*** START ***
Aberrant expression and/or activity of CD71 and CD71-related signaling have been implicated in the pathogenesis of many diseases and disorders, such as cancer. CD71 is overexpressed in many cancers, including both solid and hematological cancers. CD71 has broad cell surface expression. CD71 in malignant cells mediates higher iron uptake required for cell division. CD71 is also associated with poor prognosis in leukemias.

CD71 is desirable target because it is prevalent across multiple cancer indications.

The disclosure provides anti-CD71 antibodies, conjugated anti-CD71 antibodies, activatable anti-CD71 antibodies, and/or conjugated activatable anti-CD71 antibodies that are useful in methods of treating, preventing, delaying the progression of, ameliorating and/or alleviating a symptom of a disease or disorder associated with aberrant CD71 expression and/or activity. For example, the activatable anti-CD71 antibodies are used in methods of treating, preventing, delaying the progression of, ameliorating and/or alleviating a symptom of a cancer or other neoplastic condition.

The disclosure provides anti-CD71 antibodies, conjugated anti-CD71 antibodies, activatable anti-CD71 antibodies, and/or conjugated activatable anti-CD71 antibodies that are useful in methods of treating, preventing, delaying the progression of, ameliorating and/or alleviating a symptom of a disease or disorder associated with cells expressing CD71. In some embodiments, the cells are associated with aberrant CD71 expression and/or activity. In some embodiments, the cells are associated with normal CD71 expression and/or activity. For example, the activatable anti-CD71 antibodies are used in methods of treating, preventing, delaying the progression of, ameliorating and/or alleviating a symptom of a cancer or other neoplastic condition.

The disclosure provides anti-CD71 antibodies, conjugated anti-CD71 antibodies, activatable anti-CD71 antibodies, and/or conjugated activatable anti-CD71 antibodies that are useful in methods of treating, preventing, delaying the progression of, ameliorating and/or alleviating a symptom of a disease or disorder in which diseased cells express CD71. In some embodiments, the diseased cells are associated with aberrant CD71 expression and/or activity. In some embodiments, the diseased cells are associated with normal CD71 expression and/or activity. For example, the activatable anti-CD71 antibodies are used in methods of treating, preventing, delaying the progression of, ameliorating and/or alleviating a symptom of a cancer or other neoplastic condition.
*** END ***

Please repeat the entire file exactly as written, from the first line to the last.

Aberrant expression and/or activity of CD71 and CD71-related signaling have been implicated in the pathogenesis of many diseases and disorders, such as cancer. CD71 is overexpressed in many cancers, including both solid and hematological cancers. CD71 has broad cell surface expression. CD71 in malignant cells mediates higher iron uptake required for cell division. CD71 is also associated with poor prognosis in leukemias.

CD71 is desirable target because it is prevalent across multiple cancer indications.

The disclosure provides anti-CD71 antibodies, conjugated anti-CD71 antibodies, activatable anti-CD71 antibodies, and/or conjugated activatable anti-CD71 antibodies that are useful in methods of treating, preventing, delaying the progression of, ameliorating and/or alleviating a symptom of a disease or disorder associated with aberrant CD71 expression and/or activity. For example, the activatable anti-CD71 antibodies are used in methods of treating, preventing, delaying the progression of, ameliorating and/or alleviating a symptom of a cancer or other neoplastic condition.

The disclosure provides anti-CD71 antibodies, conjugated anti-CD71 antibodies, activatable anti-CD71 antibodies, and/or conjugated activatable anti-CD71 antibodies that are useful in methods of treating, preventing, delaying the progression of, ameliorating and/or alleviating a symptom of a disease or disorder associated with cells expressing CD71. In some embodiments, the cells are associated with aberrant CD71 expression and/or activity. In some embodiments, the cells are associated with normal CD71 expression and/or activity. For example, the activatable anti-CD71 antibodies are used in methods of treating, preventing, delaying the progression of, ameliorating and/or alleviating a symptom of a cancer or other neoplastic condition.

The disclosure provides anti-CD71 antibodies, conjugated anti-CD71 antibodies, activatable anti-CD71 antibodies, and/or conjugated activatable anti-CD71 antibodies that are useful in methods of treating, preventing, delaying the progression of, ameliorating and/or alleviating a symptom of a disease or disorder in which diseased cells express CD71. In some embodiments, the diseased cells are associated with aberrant CD71 expression and/or activity. In some embodiments, the diseased cells are associated with normal CD71 expression and/or activity. For example, the activatable anti-CD71 antibodies are used in methods of treating, preventing, delaying the progression of, ameliorating and/or alleviating a symptom of a cancer or other neoplastic condition.